And then they resort to nasty self-defense and will use their bloody system to keep them dead, to burn their witches, to break that mirror, these white feminists. It’s ugly. Ugly. And the power is such that they can do it with a single sentence. She is angry = she is insane. Conversation stopper. Reason. That neatly scientifically packed white death, with the smell of heavy wooden wardrobes driven all the ways across the sea, elegantly enforced upon women by gentlemen’s hands. They would use it, nevertheless. Can we transgress our self-prepared burial places, our coffins and potions, the ones that other people prepared for us? I do not know. I can’t be a naysayer because I’m alive. »I can’t be a pessimist because I’m alive. To be a pessimist means that you have agreed that human life is an academic matter, so I’m forced to be an optimist. I’m forced to believe that we can survive whatever we must survive.« (»James Baldwin Interview,« 1963) Trauma is there, nevertheless.

Marko: But it’s very hard to notice trauma when it becomes a part of your personality. I told you about this book: Body Keeps the Score by Bessel Van Der Kolk (Van Der Kolk 2015). Reading it was like observing trauma as something vibrant, not just in a way to realize how traumatized I am, or I could say we are, but how it is so severe that we start observing it as our personality and not just that, but we observe everything from that traumatized position so the whole world looks like a threat.

Jelena: Traumas are playful, consequences of traumas can be played, is it all just pre-determined with trauma?

And now the part where we try to get better:


In the performance LUMI, the dichotomy of the role of trauma is subverted. The victim is passive, but also active. To understand it, check the perpetrator in the context of war for example, where killing is morally acceptable and celebrated, which leads to the question of subjectivity and determination by the context and braking points of the subject’s moral adaptability. How to understand victimhood, then? If it’s morally acceptable to kill the victim – it’s not a victim anymore.

The public’s penetration into the personal and the biopolitics of war brings up the danger of disavowal of responsibility. This is why we need to clarify the production of violence. Revenge, killing of innocent people as a remedy, does not transform victims into something else. Control over trauma is not established; it is a failed connection between different times, past and present.

The possibility for the weaker to use the more powerful is exciting. It is an effort that becomes a quest for survival and recovery from the power position being taken over. It is the matter of the old struggles between the powerless and powerful. But it’s not an epic story or a grand narrative of the triumph of the worse off. In the performance it is not clear what the starting point from the beginning is, masking the power setting. Allowing the possibility to be in the position of the other is a precondition for possibly overcoming trauma, but it is possible only as imaginary, as a place where the subject position of the other is a possibility (Quinn 2004). The performance is a necessary space that connects twice, perhaps. Traumas are playful. Replaying the same scenario does not help, but the possibility of questioning the roles opens the place where the strength can be found, humanity found, agency found, boundary is found, there is not just the will over the object. This blurring can bring danger in relativism, but it might be necessary. In which way I can think differently myself except as the victim, we need imagined social capital (Quinn 2010). In the play we do not know who the characters are. The relationships and roles are changing and with them, expectations. Are they connected or disconnected?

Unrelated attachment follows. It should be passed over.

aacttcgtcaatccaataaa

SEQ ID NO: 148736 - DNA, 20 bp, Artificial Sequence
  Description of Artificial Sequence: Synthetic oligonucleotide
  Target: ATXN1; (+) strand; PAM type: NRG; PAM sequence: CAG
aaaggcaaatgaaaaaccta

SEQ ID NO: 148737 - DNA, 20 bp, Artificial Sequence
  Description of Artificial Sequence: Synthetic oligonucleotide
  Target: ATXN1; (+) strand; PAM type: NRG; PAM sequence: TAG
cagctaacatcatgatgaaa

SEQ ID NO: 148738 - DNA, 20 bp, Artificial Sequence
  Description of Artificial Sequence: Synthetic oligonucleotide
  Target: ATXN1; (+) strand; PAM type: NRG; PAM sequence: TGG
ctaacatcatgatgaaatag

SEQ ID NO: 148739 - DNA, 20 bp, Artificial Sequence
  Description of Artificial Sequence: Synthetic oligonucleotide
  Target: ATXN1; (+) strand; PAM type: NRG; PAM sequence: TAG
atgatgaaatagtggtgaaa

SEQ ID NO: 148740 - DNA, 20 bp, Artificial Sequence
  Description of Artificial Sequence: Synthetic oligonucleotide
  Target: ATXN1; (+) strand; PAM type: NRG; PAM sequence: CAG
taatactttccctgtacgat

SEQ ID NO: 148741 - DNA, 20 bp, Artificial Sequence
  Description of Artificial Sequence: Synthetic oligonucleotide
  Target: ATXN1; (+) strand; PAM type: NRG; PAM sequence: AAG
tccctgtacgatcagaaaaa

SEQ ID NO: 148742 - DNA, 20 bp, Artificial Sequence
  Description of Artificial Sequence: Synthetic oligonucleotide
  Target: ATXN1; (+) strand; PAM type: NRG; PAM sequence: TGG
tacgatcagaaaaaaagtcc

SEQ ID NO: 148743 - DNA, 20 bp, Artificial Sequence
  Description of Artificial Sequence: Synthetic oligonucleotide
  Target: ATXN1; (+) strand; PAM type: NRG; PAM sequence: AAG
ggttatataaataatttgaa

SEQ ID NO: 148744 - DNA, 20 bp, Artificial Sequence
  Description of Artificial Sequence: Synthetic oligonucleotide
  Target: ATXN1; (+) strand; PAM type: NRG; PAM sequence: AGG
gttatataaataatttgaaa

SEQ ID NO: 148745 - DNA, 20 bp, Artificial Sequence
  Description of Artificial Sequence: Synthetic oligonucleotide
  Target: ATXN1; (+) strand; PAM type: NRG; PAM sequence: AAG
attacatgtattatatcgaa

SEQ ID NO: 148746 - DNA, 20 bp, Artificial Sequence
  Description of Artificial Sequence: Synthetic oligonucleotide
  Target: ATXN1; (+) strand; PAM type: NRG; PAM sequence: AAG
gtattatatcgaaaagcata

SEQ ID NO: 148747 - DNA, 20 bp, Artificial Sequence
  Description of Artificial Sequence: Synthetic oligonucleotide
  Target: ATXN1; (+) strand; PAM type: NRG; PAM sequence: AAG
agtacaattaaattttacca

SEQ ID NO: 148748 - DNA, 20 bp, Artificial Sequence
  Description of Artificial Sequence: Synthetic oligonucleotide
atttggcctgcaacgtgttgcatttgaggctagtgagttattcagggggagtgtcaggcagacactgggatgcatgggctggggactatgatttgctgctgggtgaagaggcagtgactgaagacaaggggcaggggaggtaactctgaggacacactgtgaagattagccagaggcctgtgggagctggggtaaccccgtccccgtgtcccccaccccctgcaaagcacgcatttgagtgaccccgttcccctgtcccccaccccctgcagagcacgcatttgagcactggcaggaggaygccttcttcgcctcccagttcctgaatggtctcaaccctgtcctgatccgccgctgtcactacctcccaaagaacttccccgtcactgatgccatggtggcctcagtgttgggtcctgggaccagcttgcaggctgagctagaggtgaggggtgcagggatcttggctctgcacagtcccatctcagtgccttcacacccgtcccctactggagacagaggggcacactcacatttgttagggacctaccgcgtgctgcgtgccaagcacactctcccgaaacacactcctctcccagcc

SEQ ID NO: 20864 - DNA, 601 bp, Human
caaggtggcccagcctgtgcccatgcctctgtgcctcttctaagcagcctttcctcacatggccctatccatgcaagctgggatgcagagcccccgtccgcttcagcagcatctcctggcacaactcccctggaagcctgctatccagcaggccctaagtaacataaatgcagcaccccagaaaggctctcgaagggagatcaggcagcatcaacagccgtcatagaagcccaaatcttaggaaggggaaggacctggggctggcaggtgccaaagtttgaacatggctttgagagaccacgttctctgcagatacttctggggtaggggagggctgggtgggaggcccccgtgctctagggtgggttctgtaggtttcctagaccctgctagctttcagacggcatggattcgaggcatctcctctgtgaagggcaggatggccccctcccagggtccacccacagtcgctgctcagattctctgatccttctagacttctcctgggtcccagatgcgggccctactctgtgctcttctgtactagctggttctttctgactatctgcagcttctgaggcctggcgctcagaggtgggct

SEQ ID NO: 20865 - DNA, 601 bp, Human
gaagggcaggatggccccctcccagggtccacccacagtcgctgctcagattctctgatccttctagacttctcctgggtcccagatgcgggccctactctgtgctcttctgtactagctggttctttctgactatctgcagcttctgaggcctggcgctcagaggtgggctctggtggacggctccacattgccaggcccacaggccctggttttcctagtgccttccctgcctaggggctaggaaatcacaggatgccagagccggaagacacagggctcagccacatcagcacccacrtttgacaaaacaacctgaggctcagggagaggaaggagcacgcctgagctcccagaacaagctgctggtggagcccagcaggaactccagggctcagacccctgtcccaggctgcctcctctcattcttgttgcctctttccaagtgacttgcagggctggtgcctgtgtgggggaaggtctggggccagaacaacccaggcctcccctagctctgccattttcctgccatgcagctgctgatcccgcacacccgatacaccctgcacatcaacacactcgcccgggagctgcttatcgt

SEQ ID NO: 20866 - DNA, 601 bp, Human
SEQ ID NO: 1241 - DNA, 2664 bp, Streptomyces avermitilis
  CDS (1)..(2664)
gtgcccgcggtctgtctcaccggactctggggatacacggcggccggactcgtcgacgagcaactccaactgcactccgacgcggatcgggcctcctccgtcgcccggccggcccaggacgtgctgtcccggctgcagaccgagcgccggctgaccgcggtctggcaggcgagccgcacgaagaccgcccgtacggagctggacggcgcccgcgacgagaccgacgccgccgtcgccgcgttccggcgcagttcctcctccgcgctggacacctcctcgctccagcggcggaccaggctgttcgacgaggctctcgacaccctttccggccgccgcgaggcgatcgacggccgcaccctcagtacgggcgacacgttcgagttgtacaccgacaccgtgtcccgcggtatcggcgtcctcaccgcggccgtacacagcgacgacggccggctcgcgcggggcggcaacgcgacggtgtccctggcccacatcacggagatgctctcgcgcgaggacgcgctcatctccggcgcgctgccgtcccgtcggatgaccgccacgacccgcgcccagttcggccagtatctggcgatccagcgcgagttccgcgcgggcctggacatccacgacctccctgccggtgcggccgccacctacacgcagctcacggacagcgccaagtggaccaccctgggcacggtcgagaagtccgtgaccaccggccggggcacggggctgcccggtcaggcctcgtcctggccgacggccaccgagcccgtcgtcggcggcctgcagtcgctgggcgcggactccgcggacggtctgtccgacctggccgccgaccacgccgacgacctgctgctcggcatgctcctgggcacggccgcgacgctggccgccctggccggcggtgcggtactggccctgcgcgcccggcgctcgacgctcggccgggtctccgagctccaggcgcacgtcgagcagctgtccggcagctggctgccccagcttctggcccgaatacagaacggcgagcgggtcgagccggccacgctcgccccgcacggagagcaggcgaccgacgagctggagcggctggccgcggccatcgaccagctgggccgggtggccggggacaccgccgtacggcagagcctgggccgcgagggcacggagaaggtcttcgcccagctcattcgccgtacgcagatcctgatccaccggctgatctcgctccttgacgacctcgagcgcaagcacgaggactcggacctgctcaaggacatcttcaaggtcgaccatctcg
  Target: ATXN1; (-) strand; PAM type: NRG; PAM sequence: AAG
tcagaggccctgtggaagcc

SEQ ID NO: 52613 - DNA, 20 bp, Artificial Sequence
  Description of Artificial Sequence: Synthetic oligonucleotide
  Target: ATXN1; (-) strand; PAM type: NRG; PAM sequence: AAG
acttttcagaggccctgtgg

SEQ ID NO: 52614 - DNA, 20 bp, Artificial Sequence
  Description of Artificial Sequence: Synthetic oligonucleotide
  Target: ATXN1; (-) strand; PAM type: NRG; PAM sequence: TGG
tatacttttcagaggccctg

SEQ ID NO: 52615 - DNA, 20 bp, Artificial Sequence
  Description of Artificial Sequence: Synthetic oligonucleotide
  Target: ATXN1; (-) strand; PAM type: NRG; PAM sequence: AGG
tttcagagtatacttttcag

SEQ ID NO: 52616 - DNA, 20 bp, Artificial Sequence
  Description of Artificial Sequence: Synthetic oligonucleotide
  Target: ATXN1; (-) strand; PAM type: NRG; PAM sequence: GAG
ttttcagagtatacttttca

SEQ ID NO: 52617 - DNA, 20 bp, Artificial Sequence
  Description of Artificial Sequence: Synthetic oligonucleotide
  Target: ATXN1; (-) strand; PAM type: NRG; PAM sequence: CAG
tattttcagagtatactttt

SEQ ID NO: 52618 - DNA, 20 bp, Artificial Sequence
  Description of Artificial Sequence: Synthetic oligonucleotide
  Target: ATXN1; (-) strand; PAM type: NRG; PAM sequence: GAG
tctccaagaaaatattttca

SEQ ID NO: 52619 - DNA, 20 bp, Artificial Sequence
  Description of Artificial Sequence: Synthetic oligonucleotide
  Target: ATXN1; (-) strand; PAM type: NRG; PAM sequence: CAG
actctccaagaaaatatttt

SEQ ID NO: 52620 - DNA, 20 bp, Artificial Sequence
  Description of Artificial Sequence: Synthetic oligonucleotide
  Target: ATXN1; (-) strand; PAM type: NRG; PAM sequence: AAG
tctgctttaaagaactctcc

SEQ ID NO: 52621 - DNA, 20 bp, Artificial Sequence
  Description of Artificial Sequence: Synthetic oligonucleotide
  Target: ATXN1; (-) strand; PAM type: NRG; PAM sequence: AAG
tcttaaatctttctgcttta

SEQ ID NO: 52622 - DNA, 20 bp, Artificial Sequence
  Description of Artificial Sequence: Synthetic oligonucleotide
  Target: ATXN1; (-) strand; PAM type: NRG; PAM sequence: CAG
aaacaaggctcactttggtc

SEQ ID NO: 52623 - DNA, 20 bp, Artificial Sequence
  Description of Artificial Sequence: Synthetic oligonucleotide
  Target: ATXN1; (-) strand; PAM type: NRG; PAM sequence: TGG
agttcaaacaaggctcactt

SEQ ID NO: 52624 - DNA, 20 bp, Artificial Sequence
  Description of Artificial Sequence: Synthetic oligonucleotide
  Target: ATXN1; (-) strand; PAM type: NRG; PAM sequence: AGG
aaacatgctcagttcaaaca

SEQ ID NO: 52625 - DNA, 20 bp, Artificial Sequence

It can all be observed as a consequence of a traumatic experience. Let’s take the form of chatting, for example. It gives you a chance to be direct and honest without real contact or connection, and this produces all sorts of relationships and communications among us. You can play a role, be direct, no time wasting basically, which is quite opposite of what people generally think about social media. That is an ideal place, polyphonic. I am searching for someone to beat me up, for example. I am not even sure if I need it. And there is a place for me. You can go very far in only ten seconds. It can be used as you wish, and that is not what all of us traumatized individuals get used to. We don’t have it in our experience. To be in control. It can be used as a discharge, release, ejection or search for eternal satisfaction.

And yes, if you are not my match, fuck off. I will switch you off. So yes, there is a place where I can still feel safe. I can choose the level of my exposure. And still, this so-called polyphonic place is yet another loop of trauma. I see only what I allow myself to see. Even if I decide to only see the things I let in, I am even in greater danger.

Jelena: Ok, than be it. Interesting we struggle upon agency here. Control. Give it to me.

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People do not understand why you do things to yourself that are bad for you. It is about control. Your encounter with it is the only strategy which will get you out of it. Is escape possible? Does our experience determine us? Is there any strong sexual fantasy, object of desire without trauma?

Double blame if you deal with the identity of a victim. You do bad things to yourself and people do not understand, and you always wear the stigma, and the determination by the trauma prescribed by the people. You are about to do this in the future. Can victims be seen as not being tied to that identity in the present or future?

There are many layers in your life. Is everything just the consequence of trauma?

Marko is sending an image

Marko: You know that in the Rorschach test, a traumatized viewer cannot see teddy bears but something else, which is familiar, similar to the perception of war vets. The view of the traumatized viewer is different. They see danger everywhere, as the survivors of rape would read the art in a specific key. While I was making the drawings, I showed this one to a friend who works in a safe house for abused women. She was disgusted; she was sure two guys are ready to rape someone, but my slutty friend said, »Oh that’s a nice party.«

Trauma does not have to be inflicted in war or by rape: It is idiosyncratic, depending on individual background. But I guess one thing stays the same – it keeps the traumatized person in a